Breeding Coturnix Quail
Quail are so easy to raise and hatch that it is inevitable that you will start breeding them. Each breeder will have different goals for their flock. In this article, I will cover all aspects of quail breeding, from selecting breeders to incubating eggs to evaluating offspring. This article is full of information for the quail breeding novice and the products you will need to be successful in your endeavor.
Breeding Coturnix Quail
Before you begin breeding quail you need to outline your breeding goals. Whether you are focusing on egg production, body size, egg color, or feather color, certain traits should always be selected when choosing breeding stock. The most important traits to select for in quail are disease resistance, welfare, body size, feed efficiency, temperament, correct color, fertility, and egg production. The top traits I select for when breeding quail are disease resistance, vigor, strong legs, calmness, good temperament, and fertility/egg production. It is also important to select birds with good body type, calm demeanors, tameness, large eggs, large body size, appropriate color, etc. The accepted male to female ratio when breeding quail is one male for four to five females. Breeding ratios like this assure that the male won't over-mate the hens. Keeping a male with more than five hens will lead to lower fertility in your eggs. It is best not to keep multiple males with multiple females. The males can get territorial and fighting can occur. Overstocking of quail of any gender will lead to aggression and waste accumulation issues.
Housing Breeding Quail
Quail kept for the production of fertile eggs are best kept in a ratio of one male to four or five females. This will ensure that the hens don't get over-mated and that fertility remains high. Quail are ground-dwelling birds and I have found the best way to house them is in a Hatching Time quail cage. I have housed quail in multiple setups and by far they are the calmest in the Hatching Time cages. The height of the ceiling gives them a sense of security. Droppings fall away from the quails' feet keeping them and their eggs clean. Each breeding group of quail should be housed in a separate compartment. Hatching Time offers quail cages with removable walls so you can house larger groups of quail in a single level for breeding. Keeping breeding records on your quail is a great way to chart your progress over multiple generations. Breeding notes should include: age at first egg, annual egg production, average egg size, weight at ten weeks, number of eggs set, number of chicks hatched, livability of offspring, date of hatch, etc.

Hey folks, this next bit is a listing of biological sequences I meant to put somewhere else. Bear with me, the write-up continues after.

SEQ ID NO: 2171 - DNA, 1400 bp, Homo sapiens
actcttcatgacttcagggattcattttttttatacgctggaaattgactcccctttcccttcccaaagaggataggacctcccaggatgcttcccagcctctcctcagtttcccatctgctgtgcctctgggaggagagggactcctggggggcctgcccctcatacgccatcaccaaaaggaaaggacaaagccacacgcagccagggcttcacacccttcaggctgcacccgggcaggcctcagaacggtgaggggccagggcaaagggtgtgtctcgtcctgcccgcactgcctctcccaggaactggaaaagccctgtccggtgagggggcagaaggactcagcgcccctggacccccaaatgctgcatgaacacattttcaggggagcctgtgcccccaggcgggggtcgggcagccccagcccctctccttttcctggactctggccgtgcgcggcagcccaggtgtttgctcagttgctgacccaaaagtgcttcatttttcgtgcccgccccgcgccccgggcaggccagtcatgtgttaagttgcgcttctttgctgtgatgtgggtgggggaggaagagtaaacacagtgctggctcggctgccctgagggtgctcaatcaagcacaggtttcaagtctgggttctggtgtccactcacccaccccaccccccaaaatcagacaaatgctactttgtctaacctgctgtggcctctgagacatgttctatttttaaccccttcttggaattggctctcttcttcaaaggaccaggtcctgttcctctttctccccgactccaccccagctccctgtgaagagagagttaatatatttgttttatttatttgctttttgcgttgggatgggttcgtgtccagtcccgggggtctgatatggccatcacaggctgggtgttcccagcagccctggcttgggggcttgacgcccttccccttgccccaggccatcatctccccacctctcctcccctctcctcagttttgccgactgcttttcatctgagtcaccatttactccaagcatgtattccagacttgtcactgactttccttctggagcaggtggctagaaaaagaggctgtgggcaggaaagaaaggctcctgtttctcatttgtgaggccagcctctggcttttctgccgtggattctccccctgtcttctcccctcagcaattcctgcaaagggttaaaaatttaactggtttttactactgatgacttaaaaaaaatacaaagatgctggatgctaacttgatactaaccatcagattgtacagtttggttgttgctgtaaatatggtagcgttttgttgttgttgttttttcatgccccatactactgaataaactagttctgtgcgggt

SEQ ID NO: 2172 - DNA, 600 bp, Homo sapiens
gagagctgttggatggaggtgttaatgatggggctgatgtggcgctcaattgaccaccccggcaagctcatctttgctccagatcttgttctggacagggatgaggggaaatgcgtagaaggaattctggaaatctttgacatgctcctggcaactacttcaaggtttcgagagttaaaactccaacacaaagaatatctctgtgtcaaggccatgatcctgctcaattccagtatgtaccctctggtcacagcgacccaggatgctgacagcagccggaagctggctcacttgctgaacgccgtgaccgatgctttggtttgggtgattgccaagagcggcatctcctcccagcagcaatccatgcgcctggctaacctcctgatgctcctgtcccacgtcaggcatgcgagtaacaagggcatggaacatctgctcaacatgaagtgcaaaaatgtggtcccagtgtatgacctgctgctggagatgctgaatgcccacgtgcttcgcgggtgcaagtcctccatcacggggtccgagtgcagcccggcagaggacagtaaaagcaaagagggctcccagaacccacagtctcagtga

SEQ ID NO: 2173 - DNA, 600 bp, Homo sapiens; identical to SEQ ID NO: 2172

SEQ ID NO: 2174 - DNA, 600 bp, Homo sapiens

Hatching Eggs & Evaluating Offspring
I like the incubators that can accommodate egg turners and have high quality temperature and humidity gauges when I am incubating eggs. Store your eggs in egg trays as you accumulate eggs to incubate. Sort through your eggs and remove any that are damaged, too old, misshapen, dirty, or out of the size range. When incubating jumbo coturnix quail eggs, the best size range to incubate is 13-17 gram eggs. Coturnix Quail eggs require an 18 day incubation period. Set your incubator temperature to 99.5-100.5 F and 45% relative humidity for the first 14 days of incubation. Turn your eggs three times a day, on day 15 the quail eggs enter lockdown. During lockdown the humidity in the incubator is raised to 65-75% and egg turning stops. The eggs should start to hatch on day 18, but it is not unheard of for some quail to hatch late. Once the chicks are dry and fluffy, remove them from the incubator and put them in the brooder. Chicks need to remain in the brooder with supplemented heat for at least 2-3 weeks. At three weeks the chicks should be feathered enough that you can transfer them to grow out cages.
When discussing the culling of livestock, the term is used to designate which animals will not be kept in the group. Culled livestock are not always sent for slaughter, many poultry breeders sell their culls as pet quality or keep them for egg production. When I am evaluating my quail for future breeders, I keep an eye out for any birds that have automatic disqualifications. Any quail with aggressive tendencies, crooked toes, cross-beak, or skittish tendencies gets removed. I have a zero-tolerance policy for aggression in my quail, and aggressive birds are removed as soon as they are identified. What should you do with your culled quail? As long as the female quail aren't aggressive or have a serious defect they are kept strictly for egg production. Male quail that are not kept for breeding are raised until they are 8-12 weeks of age and then processed for meat. It is always a good idea to keep one spare breeder male for every two to three breeder groups. I keep my spare breeder males with my egg-laying quail hens since I don't hatch eggs from them. Now that you know what is required of quail breeding, it's time for you to get started.
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